Van Boekel Farms has a habit of getting itself in the news.
In 1994, the family pig farming business and its owner—Eric Van Boekel—were convicted for spilling manure into waterways, damaging the water and surrounding environment. Then, in 2011, they were convicted again, for seven offences under the Ontario Water Resources Act, Environmental Protection Act and Nutrient Management Act. Eric Van Boekel was sentenced to 30 days in jail, ordered to pay $345,000 in fines plus a 25% victim surcharge, and put on probation for two years. On appeal, the sentence was reduced.
Then, in 2015, Van Boekel famously reported Save Movement activist Anita Krajnc to police for giving water to panting, heat-stressed pigs aboard his transport truck on a hot summer’s day. Krajnc was charged with mischief and later acquitted, but not before the case put the entire pig industry on trial. Among other revelations, the cross examination of Van Boekel’s driver revealed that pigs go into distress during transport, that technology is available to cool them but it isn’t being used, and that he was unaware of animal welfare laws with which he was supposed to be compliant.
Now, Van Boekel’s Oxford County barn has burned down with 3000 sows and an “undetermined number of other pigs” trapped inside. Although the OPP say the fire is not suspicious, the Ontario Fire Marshal has been called in to investigate.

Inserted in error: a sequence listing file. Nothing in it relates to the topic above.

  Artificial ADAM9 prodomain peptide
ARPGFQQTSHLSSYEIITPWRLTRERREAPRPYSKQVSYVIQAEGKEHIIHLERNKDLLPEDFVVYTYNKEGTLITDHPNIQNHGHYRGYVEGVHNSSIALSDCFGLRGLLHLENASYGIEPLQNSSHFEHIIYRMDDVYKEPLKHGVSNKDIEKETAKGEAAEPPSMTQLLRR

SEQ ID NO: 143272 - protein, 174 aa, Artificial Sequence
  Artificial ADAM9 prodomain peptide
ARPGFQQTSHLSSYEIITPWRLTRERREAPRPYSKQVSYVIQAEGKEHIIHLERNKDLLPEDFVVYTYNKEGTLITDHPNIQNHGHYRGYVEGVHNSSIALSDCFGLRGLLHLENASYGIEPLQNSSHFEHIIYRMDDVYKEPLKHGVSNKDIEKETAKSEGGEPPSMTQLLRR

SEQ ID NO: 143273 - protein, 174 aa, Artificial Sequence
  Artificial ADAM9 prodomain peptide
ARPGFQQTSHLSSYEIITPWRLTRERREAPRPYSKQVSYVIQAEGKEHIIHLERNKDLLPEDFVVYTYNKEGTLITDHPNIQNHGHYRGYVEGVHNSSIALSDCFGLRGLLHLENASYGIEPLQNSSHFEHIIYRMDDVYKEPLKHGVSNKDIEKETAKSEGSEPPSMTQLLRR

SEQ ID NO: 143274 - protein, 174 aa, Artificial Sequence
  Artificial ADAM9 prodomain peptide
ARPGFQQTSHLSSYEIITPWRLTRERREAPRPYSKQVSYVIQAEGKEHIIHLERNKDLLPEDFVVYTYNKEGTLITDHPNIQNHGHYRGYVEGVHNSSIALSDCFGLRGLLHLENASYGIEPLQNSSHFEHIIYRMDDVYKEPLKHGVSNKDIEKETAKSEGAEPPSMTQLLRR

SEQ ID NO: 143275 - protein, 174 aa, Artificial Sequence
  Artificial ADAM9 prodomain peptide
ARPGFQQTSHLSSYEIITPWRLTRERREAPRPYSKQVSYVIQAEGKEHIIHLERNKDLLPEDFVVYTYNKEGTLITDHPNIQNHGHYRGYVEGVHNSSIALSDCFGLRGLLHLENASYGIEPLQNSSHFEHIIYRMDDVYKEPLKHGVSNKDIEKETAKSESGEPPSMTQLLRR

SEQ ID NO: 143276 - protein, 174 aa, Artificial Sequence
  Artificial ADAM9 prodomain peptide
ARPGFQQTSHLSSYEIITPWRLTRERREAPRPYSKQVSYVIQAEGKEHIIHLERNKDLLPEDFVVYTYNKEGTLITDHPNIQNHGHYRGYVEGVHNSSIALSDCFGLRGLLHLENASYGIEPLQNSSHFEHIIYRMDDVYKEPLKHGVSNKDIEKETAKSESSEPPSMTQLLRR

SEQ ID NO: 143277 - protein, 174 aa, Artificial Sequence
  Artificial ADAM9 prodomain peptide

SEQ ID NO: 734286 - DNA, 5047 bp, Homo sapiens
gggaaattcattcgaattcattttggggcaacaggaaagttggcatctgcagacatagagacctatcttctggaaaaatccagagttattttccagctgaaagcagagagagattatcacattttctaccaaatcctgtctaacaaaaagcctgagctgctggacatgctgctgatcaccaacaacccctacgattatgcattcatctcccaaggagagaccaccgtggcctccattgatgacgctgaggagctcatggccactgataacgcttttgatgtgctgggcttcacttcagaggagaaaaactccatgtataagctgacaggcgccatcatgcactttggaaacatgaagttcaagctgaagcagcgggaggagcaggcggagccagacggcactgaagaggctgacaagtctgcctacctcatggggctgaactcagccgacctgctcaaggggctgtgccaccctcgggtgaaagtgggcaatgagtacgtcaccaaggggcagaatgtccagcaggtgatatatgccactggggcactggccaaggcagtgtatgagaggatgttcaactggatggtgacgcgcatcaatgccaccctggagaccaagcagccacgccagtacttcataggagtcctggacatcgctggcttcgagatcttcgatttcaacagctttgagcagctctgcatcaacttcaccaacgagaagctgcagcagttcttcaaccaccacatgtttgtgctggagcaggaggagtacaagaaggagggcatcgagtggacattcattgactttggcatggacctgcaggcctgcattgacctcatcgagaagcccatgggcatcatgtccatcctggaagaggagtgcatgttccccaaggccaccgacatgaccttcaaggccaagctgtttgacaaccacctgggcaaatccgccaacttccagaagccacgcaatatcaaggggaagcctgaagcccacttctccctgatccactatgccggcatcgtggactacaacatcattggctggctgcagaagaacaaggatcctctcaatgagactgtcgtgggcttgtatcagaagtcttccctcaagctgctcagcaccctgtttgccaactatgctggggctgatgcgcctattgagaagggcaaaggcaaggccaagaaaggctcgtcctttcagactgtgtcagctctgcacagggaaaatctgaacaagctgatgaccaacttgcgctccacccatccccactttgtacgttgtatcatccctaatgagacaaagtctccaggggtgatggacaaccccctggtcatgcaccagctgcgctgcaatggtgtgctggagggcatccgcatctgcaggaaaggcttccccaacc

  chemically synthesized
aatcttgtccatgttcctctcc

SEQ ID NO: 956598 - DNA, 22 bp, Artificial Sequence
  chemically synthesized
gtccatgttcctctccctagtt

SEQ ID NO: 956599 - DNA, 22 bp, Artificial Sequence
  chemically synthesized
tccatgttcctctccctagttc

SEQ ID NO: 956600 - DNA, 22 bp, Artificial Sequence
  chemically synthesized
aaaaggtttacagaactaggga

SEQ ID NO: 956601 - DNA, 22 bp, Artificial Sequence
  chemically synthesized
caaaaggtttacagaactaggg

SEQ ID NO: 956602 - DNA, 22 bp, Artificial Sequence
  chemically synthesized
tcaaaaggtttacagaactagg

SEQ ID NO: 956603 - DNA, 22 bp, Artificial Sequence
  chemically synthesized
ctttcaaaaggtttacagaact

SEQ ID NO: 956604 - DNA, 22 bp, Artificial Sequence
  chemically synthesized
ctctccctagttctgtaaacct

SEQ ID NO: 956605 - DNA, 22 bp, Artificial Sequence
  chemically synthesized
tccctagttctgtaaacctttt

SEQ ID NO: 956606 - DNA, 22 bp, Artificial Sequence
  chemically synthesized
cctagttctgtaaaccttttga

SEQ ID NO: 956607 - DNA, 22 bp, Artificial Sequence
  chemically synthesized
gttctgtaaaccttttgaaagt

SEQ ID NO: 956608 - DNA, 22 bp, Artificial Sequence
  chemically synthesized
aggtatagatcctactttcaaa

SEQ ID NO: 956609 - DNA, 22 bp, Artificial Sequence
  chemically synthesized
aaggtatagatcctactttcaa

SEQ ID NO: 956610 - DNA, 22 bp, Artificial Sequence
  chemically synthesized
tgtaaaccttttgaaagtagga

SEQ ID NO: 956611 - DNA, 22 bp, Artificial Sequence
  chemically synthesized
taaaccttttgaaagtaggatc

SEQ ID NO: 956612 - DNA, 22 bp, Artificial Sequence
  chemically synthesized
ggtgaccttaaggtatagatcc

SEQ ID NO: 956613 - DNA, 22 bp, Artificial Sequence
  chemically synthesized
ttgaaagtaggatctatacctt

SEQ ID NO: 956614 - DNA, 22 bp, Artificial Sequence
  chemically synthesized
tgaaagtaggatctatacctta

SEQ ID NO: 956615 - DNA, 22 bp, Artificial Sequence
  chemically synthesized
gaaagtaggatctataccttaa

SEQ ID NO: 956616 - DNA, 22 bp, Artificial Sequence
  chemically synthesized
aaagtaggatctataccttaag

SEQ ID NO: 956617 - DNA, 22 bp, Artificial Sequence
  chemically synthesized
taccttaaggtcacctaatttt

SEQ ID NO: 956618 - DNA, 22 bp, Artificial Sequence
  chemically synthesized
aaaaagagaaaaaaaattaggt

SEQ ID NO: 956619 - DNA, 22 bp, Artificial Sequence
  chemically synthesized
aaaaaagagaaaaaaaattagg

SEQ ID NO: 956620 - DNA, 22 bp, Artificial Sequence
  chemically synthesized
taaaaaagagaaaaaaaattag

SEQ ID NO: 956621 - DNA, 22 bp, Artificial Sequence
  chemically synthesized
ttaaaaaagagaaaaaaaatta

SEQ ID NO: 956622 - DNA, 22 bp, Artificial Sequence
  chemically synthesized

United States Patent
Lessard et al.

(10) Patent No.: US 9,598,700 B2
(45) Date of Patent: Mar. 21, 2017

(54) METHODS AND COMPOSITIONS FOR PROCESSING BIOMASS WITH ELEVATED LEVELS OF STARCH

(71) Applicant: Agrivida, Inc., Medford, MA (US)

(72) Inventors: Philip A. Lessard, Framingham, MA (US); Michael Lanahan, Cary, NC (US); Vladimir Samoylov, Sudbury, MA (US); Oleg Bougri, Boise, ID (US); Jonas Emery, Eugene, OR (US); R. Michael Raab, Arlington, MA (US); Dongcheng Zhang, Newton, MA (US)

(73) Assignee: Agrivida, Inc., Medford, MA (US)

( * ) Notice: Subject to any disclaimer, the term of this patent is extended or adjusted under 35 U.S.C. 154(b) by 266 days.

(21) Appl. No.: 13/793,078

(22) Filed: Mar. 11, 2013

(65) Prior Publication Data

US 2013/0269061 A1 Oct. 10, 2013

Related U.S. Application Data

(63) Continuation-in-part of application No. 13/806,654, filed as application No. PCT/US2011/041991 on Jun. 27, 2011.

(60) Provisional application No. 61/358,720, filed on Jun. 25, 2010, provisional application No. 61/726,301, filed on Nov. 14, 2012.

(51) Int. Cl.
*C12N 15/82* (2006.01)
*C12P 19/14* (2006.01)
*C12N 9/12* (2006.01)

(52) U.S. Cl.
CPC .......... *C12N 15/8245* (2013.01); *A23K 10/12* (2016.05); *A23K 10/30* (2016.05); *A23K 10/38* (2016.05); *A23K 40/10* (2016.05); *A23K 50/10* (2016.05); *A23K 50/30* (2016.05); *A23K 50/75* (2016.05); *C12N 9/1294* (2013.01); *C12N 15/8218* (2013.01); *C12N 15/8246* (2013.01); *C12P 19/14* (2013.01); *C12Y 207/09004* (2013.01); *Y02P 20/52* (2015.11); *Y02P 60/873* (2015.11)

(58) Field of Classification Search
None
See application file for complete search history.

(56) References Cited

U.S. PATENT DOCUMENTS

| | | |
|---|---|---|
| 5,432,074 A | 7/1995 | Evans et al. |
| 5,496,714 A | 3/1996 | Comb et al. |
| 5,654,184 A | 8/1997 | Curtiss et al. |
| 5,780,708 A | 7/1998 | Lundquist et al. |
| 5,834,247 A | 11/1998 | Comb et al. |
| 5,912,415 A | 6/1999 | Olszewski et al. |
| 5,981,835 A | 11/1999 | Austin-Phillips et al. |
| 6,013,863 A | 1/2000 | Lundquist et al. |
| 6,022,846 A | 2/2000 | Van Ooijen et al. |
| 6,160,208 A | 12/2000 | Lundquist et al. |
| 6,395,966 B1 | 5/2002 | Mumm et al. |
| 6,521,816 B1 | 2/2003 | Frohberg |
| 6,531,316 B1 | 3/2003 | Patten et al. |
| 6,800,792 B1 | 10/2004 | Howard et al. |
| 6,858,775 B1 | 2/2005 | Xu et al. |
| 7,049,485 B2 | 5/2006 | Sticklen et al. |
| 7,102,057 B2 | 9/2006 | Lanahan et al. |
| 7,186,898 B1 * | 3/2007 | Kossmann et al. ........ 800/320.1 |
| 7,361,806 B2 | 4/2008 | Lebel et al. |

Most buildings in Canada must follow strict fire safety rules, but farm buildings with “low human occupancy” don’t. Modern farms can contain tens of thousands of animals whose ability to experience physical pain and emotional suffering is no different than our own, but because human occupancy is the standard, very few fire safety requirements exist to protect them.
Tragically for animals, farm buildings are dangerous, and fire hazards and disaster is inevitable. Animals are trapped inside, with no escape route. There are no fire detection or extinguishing systems in place, like sprinklers. Farm buildings are usually in rural areas, far from fire hydrants, fire stations, and have volunteer firefighters who respond from home. Wiring and electrical equipment is easily damaged by rodents and rampant indoor air pollution. Barns are often filled with flammable straw and wood, flammable gases from animal waste, and dangerous equipment like heat lamps. Despite the extreme risk to animals, fire safety inspections, and prevention plans still aren’t mandatory.
So it’s not really a surprise that between January 2015 and November 2017, more than 470,000 farmed animals burned alive on Canadian farms. It’s clear that the farming industry is unwilling or incapable of taking action to curb the epidemic of animals burning alive in barn fires. That’s why we need the National Farm Building Code to factor in animal protection, to force fire standards into place for farmed animals.
Please take action by contacting your local MP and asking them to protect animals from dying in horrific barn fires!
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